Idaho County – About five miles southwest of White Bird, along the Salmon River, is called Robber’s Gulch. Over a century ago, outlaws held up a freight wagon carrying about $75,000 in miners’ gold and hid it among the rocks before heading toward the rough Seven Devils area. But the unlucky robbers would not live to return for their stolen cache, as a posse caught up with them in the mountains, and every last one was shot before anyone thought to ask about the whereabouts of the stolen loot. To date, the gold has never been found.
Kootenai County – In November 1889, a prospector named Jack Breen found gold near Coeur D’Alene. Breen, however, didn’t have the funds to work the claim, so he soon went into Coeur D’Alene to find someone to grubstake him. Two men named N. R. Palmeter and Jack Osier agreed to be his partners, but Breen did not reveal the exact location, only that it was somewhere near Hayden Lake. Breen then went to get a drink at a local saloon, and bragging about his find, several customers began to buy him more drinks, hoping that he would reveal the location of the gold. Fearing Breen would give away the information, they persuaded the local marshal to put him in jail for “his own protection.” This proved to be a “deadly” mistake, as early the following day, the jail caught on fire, and before Breen could be released, he died from smoke inhalation.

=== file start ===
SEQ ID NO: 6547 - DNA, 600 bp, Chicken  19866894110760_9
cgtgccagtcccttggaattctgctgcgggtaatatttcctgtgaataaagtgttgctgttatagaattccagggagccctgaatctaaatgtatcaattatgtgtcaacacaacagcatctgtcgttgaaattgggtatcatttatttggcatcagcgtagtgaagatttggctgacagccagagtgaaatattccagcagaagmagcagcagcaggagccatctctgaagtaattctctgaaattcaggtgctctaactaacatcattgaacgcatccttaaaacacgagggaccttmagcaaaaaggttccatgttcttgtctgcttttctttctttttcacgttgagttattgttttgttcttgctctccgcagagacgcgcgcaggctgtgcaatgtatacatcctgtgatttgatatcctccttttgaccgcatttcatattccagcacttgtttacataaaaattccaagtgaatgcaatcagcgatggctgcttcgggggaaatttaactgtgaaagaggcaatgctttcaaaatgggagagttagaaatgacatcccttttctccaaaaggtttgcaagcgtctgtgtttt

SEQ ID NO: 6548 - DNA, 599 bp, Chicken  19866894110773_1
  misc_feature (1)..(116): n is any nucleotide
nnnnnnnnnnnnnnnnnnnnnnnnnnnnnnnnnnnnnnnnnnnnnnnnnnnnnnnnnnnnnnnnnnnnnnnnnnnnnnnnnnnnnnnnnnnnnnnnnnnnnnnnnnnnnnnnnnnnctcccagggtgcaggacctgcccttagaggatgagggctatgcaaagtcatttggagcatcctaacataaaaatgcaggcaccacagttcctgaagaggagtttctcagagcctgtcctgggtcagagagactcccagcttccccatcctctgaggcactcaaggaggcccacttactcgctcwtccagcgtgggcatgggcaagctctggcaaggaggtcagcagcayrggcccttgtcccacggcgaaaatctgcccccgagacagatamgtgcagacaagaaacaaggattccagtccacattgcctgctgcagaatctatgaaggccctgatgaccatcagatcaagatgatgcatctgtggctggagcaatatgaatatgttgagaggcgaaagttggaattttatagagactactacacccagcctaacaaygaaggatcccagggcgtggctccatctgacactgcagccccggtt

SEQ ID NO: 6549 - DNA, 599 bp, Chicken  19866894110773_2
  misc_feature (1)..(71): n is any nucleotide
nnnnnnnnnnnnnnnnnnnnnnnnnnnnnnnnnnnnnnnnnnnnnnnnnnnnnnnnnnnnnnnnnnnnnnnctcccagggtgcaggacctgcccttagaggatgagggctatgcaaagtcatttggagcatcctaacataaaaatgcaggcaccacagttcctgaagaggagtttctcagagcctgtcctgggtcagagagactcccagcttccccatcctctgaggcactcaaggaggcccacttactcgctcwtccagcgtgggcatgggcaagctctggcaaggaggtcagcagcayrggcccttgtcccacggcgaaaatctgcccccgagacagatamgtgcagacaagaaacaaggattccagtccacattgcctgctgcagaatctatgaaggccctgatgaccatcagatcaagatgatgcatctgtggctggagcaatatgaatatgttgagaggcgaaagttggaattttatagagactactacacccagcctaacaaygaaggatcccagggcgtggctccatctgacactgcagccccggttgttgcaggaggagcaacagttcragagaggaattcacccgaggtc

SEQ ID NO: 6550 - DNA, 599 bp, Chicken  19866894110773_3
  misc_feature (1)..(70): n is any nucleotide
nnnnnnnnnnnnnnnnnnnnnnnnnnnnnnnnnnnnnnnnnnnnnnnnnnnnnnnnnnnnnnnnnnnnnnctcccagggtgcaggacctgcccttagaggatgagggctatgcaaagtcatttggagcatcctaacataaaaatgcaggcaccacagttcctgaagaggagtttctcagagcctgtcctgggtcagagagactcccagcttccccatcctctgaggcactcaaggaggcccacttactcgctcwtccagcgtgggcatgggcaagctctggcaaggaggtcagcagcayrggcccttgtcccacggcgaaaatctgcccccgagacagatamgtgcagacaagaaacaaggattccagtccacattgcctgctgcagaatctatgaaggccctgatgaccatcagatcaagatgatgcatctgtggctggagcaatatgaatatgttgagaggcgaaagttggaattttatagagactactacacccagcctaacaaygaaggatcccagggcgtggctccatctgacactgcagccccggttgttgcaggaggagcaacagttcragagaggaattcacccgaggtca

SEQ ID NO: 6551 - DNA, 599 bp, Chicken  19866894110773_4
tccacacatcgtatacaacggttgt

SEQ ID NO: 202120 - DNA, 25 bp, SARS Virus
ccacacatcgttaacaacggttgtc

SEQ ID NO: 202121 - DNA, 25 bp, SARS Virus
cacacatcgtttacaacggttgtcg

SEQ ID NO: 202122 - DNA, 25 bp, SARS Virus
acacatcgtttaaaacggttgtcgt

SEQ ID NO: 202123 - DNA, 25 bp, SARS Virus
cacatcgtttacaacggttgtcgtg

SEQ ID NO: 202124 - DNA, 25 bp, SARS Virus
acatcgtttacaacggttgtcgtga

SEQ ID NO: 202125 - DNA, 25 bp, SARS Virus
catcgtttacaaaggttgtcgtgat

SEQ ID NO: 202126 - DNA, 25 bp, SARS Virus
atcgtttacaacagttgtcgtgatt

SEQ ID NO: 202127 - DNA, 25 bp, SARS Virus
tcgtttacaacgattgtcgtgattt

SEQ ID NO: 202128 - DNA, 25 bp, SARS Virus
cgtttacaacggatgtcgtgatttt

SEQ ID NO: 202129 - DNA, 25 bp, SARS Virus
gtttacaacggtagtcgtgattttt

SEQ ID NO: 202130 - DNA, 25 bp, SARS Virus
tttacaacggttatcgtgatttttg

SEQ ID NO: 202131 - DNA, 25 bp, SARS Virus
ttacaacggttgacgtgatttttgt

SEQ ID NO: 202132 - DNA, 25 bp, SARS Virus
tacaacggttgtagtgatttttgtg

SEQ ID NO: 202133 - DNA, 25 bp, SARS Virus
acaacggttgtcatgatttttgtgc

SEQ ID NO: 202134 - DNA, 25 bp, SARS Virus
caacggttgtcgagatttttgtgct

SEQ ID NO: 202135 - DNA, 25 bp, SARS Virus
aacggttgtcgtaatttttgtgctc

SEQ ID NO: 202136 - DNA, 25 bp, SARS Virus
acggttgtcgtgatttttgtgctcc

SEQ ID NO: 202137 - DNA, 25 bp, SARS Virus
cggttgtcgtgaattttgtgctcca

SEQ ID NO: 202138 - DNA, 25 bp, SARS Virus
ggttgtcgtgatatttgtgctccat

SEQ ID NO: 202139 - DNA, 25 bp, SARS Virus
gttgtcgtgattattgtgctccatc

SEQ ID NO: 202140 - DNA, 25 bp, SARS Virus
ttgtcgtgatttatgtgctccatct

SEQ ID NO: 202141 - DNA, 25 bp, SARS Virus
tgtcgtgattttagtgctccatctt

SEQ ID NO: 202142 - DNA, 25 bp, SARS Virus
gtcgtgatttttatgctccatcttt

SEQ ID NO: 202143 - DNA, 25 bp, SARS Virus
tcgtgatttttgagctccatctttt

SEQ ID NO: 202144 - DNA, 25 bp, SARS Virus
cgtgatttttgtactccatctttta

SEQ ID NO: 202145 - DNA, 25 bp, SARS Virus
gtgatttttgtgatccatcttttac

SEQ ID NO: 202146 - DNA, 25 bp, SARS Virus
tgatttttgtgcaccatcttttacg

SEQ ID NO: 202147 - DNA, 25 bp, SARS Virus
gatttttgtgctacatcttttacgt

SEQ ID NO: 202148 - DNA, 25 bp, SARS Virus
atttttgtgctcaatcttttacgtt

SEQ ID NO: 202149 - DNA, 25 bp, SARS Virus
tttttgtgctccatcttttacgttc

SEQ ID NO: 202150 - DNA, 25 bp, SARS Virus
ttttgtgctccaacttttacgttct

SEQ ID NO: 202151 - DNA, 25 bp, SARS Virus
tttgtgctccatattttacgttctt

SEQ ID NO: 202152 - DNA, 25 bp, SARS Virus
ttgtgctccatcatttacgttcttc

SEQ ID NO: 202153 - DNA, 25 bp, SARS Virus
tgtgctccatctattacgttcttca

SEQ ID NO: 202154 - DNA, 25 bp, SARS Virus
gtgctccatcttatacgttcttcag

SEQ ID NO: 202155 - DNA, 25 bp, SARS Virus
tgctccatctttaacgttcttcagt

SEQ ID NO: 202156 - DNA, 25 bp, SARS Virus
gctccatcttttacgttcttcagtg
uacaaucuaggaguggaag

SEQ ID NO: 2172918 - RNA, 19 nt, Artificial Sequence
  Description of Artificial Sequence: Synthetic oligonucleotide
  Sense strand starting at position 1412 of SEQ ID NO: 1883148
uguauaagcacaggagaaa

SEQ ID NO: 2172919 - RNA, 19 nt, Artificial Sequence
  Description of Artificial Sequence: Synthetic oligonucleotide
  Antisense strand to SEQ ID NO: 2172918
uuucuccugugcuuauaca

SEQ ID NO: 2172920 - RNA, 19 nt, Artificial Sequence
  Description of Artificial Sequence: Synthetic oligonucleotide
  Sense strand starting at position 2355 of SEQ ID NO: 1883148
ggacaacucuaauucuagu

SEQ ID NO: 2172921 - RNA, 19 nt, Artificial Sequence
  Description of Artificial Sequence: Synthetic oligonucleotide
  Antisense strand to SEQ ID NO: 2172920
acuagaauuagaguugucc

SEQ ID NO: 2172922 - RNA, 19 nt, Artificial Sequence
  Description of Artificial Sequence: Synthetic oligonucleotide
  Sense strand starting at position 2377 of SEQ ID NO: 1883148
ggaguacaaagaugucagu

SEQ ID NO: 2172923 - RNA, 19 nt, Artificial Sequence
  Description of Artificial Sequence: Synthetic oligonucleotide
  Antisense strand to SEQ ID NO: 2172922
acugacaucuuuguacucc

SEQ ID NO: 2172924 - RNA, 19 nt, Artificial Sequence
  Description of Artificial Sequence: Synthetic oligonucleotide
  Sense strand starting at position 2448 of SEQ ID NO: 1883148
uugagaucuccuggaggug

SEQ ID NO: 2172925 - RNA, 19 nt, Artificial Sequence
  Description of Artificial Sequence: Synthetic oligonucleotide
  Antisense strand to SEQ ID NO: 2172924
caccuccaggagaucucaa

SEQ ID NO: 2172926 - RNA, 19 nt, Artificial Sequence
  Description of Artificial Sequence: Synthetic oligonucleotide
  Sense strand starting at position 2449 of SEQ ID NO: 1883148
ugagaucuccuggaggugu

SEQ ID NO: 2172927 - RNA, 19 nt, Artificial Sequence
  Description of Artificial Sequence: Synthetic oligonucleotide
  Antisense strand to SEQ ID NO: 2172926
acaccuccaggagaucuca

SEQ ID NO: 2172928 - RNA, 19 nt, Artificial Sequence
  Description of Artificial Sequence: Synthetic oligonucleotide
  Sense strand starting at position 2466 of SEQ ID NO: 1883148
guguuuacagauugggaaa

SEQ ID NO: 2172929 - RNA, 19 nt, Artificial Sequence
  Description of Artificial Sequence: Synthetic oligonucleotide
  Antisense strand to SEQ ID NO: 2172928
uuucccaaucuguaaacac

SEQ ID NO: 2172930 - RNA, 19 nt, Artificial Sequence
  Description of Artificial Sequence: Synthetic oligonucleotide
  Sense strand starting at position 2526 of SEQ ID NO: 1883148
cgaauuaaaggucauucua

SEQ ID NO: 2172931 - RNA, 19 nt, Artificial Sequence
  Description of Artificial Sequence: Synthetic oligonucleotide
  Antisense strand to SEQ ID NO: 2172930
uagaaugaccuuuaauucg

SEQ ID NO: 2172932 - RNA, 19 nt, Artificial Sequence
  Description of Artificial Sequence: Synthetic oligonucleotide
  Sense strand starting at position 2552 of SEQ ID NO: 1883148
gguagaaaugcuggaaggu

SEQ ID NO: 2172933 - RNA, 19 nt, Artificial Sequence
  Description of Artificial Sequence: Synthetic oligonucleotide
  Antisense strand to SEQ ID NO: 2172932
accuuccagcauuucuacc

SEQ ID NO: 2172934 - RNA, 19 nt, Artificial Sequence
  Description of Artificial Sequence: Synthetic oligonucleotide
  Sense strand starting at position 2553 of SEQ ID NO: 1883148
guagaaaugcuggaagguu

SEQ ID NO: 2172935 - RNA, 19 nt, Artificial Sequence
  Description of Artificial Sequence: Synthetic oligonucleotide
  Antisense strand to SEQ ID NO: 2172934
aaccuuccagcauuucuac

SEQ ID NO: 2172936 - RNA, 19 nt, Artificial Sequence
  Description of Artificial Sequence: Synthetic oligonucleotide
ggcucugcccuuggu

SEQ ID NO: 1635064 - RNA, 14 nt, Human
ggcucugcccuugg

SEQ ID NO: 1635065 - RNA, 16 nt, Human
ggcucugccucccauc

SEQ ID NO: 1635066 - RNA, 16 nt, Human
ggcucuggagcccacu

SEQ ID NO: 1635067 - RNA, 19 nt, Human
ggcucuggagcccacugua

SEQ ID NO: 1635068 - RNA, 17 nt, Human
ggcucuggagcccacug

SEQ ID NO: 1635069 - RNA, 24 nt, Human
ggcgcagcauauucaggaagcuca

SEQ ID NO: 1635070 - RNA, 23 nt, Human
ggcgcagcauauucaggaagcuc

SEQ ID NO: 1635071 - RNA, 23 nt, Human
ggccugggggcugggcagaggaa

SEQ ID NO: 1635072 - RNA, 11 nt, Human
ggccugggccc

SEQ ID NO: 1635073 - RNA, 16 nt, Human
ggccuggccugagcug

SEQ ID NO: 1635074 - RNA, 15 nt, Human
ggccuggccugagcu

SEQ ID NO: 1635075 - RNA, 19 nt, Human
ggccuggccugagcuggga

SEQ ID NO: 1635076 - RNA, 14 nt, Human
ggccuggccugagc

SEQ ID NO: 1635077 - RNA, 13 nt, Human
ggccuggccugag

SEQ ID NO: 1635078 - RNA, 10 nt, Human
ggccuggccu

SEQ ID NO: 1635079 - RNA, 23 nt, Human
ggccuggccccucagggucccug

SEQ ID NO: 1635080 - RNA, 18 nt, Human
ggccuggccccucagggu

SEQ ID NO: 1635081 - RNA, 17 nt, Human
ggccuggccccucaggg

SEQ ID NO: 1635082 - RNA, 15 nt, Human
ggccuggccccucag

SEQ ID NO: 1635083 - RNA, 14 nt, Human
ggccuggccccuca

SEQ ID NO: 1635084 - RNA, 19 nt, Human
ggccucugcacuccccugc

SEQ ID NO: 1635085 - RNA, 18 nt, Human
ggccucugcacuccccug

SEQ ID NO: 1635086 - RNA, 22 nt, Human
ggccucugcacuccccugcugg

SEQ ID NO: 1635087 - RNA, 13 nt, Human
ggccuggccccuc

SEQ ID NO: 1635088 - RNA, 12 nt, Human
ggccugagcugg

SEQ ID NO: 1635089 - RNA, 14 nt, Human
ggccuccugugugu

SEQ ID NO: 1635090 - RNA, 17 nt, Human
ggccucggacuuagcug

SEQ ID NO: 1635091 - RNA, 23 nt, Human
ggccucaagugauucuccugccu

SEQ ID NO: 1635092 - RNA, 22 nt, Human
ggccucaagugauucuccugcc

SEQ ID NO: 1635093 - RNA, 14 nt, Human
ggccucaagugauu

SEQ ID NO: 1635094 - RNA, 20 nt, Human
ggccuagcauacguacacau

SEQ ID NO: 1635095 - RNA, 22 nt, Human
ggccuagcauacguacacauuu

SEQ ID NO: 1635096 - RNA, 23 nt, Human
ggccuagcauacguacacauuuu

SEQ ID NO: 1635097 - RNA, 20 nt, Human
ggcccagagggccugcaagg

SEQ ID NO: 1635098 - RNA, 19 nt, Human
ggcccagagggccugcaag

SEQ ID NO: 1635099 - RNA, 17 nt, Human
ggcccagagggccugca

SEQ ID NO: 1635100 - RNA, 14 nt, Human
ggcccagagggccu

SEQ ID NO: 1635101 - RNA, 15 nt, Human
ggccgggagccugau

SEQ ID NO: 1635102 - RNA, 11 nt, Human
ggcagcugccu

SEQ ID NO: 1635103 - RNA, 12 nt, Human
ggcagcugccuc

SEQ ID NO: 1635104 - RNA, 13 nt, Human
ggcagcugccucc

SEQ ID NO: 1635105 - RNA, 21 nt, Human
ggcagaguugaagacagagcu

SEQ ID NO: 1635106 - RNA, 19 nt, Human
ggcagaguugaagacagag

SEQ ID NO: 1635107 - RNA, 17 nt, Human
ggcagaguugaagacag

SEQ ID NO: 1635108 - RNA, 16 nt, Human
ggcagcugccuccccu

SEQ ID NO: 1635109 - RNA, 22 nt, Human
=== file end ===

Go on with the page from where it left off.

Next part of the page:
Lewis & Clark Trail – During 1805 and 1806, Lewis and Clark traveled through Idaho, documenting the territory and meeting with Native Americans along the trail. Along the way, they distributed some 55 Washington Season medals to the Indian Chiefs as peace offerings. Due to the lack of tools and artisans in this country, these medals were made in Birmingham, England. In July of 1798, some 326 medals were received by the presidency, each individually engraved in solid silver. Very rare and worth a fortune, only a few are accounted for today. Many believe several of these medals can be found along the Idaho expedition path through Lewiston, Spaulding, Orofino, and others.
Shoshone County – Around 1900, a bank was robbed in the Wallace-Kellogg area, and the bandits made off with some $80,000. Hiding out from the authorities overnight, they were said to have buried their cache somewhere in the four-mile stretch between Huettner and Post Falls. However, with the posse on their tails, they were captured the next morning. The authorities could not find the stolen loot, and presumably, the bandits were hanged. To this day, it has never been recovered.
Shoshone County – Butch Cassidy and his outlaw gang allegedly buried some of their loot north of the old stage road between Spokane Falls, Washington, and Wallace, Idaho. The cache was said to have been buried along a creek on the edge of a beaver dam.
Twin Falls County – In 1888, an outlaw acting alone robbed the Jarbidge-Idaho stage near the site of present-day Salmon Dam. The bandit was quickly overtaken and killed by a posse, but the gold was not found. Many believe the outlaw buried the strongbox on the east side of Brown’s Bench, a large flat mesa about 15 miles west of Rogerson, Idaho.